Marconi Model 858

 

 This rather heavy table model radio was unveiled in July 1938 and is typical of those being sold around that time. It's particularly aimed at those listeners wishing to explore shortwave bands although not providing separate bandspread ranges such as the later Murphy A92.

The metal speaker grille is much more resilient than cloth. I think all the sets in my collection with cloth have some damage because the stuff is degraded by light.

The tuning arrangements include a small logging dial so you can return to a previous dial setting and an indented knob for rapid tuning across the dial. It also includes the luxury of a magic eye tuning indicator so you can adjust the tuning more accurately.

 
 Unlike some sets it has a three-gang tuning condenser which allows for tuning the RF amplifier as is the case in communications receivers. This is very important as it reduces image reception, a significant problem for set designers when using a low intermediate frequency... in this case the standard 465Kc/s. The chassis isn't painted like those from Murphy, but then again, without removing the back you wouldn't really notice this economy.

 
 Above a decent sized loudspeaker which is of the "mains energised" type which doubles as an HT choke. Below a green label shows the valve types fitted in the set. Of course Marconi valves were chosen, not especially for the reasons stated, but because they're made by the same manufacturer as the set and therefore a lot cheaper to source! All have International Octal bases.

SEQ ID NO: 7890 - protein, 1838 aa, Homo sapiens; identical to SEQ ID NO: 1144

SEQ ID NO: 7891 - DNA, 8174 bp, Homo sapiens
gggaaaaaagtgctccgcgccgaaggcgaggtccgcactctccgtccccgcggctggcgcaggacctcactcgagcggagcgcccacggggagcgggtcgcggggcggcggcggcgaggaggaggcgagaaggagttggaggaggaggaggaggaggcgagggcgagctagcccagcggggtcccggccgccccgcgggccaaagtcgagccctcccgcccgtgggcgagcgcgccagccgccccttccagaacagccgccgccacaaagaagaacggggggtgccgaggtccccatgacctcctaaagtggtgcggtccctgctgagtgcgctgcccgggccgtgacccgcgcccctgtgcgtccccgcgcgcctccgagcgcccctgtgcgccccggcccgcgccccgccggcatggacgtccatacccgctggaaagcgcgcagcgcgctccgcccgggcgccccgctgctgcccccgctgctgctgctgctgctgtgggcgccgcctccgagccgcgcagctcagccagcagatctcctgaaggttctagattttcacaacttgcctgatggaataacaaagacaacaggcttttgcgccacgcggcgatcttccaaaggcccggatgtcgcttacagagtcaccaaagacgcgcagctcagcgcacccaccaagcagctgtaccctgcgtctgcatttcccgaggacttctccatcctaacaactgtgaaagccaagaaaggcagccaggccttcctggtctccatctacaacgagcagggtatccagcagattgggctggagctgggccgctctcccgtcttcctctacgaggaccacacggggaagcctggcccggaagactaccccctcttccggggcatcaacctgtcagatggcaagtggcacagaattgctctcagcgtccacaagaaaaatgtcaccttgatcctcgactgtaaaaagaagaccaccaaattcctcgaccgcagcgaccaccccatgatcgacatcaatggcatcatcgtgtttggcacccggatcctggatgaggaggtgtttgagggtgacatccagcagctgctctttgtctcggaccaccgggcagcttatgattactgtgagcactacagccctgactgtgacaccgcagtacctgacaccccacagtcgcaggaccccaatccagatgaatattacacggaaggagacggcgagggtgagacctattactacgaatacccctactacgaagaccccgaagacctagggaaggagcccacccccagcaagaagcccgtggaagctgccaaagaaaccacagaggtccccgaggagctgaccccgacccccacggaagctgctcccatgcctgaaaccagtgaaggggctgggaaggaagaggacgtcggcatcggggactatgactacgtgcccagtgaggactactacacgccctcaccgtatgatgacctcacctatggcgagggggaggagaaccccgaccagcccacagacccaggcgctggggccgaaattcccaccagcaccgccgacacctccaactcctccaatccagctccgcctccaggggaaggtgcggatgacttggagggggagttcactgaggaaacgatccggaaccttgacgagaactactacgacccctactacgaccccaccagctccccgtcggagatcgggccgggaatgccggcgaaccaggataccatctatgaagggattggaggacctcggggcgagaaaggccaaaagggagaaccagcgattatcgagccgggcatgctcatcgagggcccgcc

The circuit diagram which you can see in the Trader Sheet (below) is interesting as it shows the HT smoothing choke in the supply negative lead rather than the positive lead and the connections provide various bias supplies for biasing back some of the valves. This means that the KT63 output valve has its cathode connected to the chassis rather than via the resistor-condenser arrangement normally provided for auto-bias. A small choke is provided in the speaker wiring to eliminate, or at least to reduce hum.

This Marconiphone model is electrically identical to the HMV 656 although the latter has a horizontal rather than vertical shape achieved by mounting the speaker to the right of the dial. There's also some rather super versions using motor controlled tuning. These are the models 853 & 657 table models and the models 871 & 668 radiograms. I have a Murphy A72 which has provision for adding motor driven tuning also. I wonder how many motor-driven receivers were actually sold?

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Click to see the Trader Sheet

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